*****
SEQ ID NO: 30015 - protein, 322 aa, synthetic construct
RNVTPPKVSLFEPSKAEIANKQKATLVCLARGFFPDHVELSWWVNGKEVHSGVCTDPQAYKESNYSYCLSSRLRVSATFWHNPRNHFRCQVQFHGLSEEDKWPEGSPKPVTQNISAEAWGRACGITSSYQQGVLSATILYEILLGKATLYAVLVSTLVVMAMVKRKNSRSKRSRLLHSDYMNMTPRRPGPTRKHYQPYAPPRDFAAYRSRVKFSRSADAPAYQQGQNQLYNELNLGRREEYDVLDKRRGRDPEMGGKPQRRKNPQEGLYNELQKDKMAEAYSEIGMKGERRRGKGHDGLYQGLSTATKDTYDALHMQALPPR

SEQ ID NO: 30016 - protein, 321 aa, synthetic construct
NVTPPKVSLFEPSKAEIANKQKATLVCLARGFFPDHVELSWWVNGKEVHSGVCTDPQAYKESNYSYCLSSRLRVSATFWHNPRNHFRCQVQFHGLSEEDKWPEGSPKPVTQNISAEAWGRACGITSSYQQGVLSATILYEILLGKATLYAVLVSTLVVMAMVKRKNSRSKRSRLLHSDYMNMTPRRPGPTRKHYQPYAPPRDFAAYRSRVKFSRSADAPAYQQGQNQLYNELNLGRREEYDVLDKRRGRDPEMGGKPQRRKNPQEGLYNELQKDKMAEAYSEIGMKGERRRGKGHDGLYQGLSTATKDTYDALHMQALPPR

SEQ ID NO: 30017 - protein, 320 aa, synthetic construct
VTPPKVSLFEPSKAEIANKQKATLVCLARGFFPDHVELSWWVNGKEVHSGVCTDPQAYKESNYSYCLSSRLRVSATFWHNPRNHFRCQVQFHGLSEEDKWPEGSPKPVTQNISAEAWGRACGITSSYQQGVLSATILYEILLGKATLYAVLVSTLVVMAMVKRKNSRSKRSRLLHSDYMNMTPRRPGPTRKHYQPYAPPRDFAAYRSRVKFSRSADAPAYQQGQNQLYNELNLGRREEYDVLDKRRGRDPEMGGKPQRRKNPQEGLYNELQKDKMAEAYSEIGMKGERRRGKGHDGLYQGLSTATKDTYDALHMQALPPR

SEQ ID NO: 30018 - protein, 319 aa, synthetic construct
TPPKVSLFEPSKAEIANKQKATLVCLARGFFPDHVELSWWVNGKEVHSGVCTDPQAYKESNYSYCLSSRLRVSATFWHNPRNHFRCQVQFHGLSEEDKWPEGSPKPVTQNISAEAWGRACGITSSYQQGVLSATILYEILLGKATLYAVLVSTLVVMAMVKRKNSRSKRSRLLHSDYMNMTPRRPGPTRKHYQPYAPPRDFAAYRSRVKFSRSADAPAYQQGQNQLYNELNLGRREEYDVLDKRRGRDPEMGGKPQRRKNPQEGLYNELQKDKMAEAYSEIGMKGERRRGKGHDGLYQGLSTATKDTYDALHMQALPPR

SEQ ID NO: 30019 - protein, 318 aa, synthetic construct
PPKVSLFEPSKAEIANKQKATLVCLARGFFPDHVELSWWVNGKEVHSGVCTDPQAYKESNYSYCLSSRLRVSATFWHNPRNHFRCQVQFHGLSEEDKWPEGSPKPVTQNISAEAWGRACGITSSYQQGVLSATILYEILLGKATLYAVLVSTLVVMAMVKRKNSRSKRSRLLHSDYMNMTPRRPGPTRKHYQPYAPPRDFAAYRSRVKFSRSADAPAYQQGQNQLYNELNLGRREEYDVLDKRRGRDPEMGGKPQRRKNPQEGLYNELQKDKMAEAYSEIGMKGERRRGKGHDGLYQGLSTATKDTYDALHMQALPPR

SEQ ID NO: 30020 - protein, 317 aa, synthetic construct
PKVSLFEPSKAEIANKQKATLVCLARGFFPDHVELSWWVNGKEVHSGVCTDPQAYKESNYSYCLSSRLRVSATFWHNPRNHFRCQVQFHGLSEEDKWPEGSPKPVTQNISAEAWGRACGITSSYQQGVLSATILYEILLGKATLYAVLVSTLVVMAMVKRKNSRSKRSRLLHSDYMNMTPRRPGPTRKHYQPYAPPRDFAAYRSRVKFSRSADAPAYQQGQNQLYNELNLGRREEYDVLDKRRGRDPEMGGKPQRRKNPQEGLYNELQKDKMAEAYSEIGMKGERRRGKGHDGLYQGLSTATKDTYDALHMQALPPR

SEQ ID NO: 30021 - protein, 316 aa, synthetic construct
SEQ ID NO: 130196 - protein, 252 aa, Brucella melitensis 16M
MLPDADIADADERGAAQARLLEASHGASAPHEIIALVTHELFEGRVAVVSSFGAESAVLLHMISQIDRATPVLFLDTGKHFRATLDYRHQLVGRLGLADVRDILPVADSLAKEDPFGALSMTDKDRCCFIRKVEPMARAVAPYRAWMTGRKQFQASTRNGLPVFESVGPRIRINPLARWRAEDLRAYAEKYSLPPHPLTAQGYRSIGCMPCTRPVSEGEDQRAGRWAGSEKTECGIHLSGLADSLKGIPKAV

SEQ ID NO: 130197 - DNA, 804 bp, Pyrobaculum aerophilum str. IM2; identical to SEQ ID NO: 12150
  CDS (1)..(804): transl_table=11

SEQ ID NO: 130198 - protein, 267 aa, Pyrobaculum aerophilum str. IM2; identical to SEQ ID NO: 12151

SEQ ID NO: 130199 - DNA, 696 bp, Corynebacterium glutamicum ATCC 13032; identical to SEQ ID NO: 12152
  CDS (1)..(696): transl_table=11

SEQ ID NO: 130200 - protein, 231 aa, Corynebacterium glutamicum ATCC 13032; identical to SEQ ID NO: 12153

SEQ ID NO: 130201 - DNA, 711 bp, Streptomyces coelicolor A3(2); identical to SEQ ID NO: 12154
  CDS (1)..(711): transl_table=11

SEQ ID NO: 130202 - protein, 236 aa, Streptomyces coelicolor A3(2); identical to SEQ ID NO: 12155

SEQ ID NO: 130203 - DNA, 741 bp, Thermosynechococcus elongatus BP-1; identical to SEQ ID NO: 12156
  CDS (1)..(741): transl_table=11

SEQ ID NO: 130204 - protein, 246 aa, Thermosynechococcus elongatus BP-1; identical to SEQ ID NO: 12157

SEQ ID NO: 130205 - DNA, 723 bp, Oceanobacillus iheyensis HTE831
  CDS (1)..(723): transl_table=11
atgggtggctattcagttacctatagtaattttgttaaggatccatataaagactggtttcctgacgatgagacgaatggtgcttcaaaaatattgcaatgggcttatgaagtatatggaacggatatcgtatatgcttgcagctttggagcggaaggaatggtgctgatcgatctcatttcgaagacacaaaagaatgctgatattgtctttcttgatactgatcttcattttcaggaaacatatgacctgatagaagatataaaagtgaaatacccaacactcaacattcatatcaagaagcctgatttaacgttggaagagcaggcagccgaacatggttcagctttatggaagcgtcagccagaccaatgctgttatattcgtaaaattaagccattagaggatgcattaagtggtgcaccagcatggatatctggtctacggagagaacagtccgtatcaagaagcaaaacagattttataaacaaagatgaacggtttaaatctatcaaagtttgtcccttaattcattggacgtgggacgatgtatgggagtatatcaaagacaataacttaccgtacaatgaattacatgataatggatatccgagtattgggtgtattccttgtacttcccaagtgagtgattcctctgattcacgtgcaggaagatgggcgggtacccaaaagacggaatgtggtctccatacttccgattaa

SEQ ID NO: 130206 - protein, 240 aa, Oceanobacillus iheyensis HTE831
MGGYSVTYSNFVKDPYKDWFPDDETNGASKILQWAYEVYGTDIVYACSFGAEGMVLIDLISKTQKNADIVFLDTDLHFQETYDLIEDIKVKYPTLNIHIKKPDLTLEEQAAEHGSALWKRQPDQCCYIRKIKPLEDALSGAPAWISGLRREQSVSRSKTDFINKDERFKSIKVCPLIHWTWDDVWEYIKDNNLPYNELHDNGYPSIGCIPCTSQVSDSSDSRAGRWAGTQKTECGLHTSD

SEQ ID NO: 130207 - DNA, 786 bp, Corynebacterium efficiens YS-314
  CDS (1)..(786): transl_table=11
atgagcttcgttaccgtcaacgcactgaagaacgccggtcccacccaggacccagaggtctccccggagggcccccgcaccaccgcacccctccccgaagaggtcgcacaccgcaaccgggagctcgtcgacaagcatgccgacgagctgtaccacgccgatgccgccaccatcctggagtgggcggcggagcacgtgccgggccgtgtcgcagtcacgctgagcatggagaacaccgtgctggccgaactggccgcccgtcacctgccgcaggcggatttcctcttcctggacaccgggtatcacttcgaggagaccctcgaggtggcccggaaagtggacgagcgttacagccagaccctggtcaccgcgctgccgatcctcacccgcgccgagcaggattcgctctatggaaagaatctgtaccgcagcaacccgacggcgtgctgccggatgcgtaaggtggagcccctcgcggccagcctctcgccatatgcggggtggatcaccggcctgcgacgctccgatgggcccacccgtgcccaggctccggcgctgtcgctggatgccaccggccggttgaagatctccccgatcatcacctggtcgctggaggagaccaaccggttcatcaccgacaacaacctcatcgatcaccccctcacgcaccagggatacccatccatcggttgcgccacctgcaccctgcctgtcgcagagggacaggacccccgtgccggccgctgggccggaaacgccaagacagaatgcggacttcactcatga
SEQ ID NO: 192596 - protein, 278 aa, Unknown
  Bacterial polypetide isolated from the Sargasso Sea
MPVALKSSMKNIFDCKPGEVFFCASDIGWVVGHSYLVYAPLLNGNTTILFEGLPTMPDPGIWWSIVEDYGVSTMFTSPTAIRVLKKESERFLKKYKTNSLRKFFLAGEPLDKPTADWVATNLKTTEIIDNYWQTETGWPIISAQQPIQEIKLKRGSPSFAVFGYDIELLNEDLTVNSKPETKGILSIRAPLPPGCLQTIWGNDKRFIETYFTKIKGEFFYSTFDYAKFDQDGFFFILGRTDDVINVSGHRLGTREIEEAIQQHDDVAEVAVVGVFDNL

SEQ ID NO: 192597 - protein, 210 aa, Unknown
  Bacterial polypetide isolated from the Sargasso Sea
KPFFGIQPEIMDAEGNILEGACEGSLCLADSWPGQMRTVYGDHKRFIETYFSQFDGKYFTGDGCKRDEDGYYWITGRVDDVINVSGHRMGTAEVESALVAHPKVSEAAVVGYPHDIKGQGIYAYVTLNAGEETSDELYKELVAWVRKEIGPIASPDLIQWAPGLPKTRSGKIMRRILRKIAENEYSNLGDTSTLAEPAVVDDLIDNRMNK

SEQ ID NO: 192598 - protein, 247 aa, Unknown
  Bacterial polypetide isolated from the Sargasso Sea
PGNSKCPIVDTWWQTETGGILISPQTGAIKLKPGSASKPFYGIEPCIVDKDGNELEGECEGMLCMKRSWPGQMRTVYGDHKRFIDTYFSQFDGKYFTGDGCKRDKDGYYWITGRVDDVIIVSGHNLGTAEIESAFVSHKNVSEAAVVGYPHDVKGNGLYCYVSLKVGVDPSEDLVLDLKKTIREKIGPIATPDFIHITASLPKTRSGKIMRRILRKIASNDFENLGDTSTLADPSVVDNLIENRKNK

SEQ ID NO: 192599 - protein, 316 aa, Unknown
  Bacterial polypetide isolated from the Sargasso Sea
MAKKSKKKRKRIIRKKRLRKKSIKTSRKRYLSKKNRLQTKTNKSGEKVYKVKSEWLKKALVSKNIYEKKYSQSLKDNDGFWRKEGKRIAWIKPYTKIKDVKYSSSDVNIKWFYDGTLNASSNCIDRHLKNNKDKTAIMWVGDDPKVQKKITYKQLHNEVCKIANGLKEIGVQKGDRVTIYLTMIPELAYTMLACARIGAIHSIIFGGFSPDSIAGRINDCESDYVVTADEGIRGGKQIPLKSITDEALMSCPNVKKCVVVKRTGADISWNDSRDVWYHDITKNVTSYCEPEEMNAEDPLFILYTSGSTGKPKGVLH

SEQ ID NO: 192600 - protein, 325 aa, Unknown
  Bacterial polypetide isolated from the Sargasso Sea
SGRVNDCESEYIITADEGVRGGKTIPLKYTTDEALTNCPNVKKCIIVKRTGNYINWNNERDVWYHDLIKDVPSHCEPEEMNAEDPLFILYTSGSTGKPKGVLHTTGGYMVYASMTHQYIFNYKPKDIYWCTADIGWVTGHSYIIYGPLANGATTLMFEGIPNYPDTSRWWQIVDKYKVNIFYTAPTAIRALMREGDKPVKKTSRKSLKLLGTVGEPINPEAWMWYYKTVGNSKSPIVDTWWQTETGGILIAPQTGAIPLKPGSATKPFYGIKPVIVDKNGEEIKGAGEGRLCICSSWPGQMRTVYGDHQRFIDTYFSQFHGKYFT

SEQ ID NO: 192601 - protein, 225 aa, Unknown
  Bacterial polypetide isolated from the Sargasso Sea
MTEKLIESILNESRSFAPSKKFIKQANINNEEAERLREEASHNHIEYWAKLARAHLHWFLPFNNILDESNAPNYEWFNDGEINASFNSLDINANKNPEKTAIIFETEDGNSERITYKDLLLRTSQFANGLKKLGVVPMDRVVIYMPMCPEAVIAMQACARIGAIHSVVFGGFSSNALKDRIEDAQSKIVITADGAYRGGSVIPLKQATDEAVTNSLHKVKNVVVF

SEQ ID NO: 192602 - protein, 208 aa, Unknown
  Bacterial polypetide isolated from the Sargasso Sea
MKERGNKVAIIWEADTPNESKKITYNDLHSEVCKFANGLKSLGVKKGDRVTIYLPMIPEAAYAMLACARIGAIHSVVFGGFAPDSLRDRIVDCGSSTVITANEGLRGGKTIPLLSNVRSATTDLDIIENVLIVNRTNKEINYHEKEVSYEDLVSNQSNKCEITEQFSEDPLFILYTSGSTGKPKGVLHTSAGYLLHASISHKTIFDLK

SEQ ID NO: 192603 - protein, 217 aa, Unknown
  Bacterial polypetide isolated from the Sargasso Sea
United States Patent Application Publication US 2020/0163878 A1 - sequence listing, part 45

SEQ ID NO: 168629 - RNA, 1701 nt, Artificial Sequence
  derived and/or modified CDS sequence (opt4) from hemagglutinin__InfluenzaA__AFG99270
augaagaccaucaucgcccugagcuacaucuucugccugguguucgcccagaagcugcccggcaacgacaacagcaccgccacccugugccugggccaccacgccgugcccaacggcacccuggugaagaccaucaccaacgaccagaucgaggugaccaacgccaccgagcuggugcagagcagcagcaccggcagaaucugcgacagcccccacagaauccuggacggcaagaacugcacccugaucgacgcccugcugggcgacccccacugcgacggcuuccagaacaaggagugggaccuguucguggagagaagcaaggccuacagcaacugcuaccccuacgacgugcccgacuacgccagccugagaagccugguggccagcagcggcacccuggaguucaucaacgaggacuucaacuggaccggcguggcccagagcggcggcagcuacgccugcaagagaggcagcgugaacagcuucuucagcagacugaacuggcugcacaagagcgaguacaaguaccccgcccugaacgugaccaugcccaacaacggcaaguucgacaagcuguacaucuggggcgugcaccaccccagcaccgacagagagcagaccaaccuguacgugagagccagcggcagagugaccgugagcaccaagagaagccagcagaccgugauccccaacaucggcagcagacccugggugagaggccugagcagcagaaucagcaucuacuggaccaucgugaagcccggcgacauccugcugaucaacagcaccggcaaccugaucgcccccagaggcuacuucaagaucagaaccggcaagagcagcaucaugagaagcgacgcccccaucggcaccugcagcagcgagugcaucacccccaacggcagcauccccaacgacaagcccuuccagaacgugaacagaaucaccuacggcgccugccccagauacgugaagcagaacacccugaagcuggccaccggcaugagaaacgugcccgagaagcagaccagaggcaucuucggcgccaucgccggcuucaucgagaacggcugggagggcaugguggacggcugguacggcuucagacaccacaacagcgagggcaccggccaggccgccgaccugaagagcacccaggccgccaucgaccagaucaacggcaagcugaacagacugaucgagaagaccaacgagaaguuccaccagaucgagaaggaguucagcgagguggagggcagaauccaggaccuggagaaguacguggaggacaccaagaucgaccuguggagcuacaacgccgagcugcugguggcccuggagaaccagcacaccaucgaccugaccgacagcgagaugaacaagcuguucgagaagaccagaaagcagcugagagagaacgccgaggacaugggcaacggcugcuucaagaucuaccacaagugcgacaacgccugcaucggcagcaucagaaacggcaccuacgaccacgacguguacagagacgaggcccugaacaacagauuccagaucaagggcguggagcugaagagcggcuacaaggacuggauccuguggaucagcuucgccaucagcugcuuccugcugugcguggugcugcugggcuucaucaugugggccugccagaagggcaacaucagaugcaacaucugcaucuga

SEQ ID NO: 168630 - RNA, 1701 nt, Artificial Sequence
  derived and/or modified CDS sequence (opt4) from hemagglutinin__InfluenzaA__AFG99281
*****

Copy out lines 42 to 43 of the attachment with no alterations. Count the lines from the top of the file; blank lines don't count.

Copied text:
SEQ ID NO: 192598 - protein, 247 aa, Unknown
  Bacterial polypetide isolated from the Sargasso Sea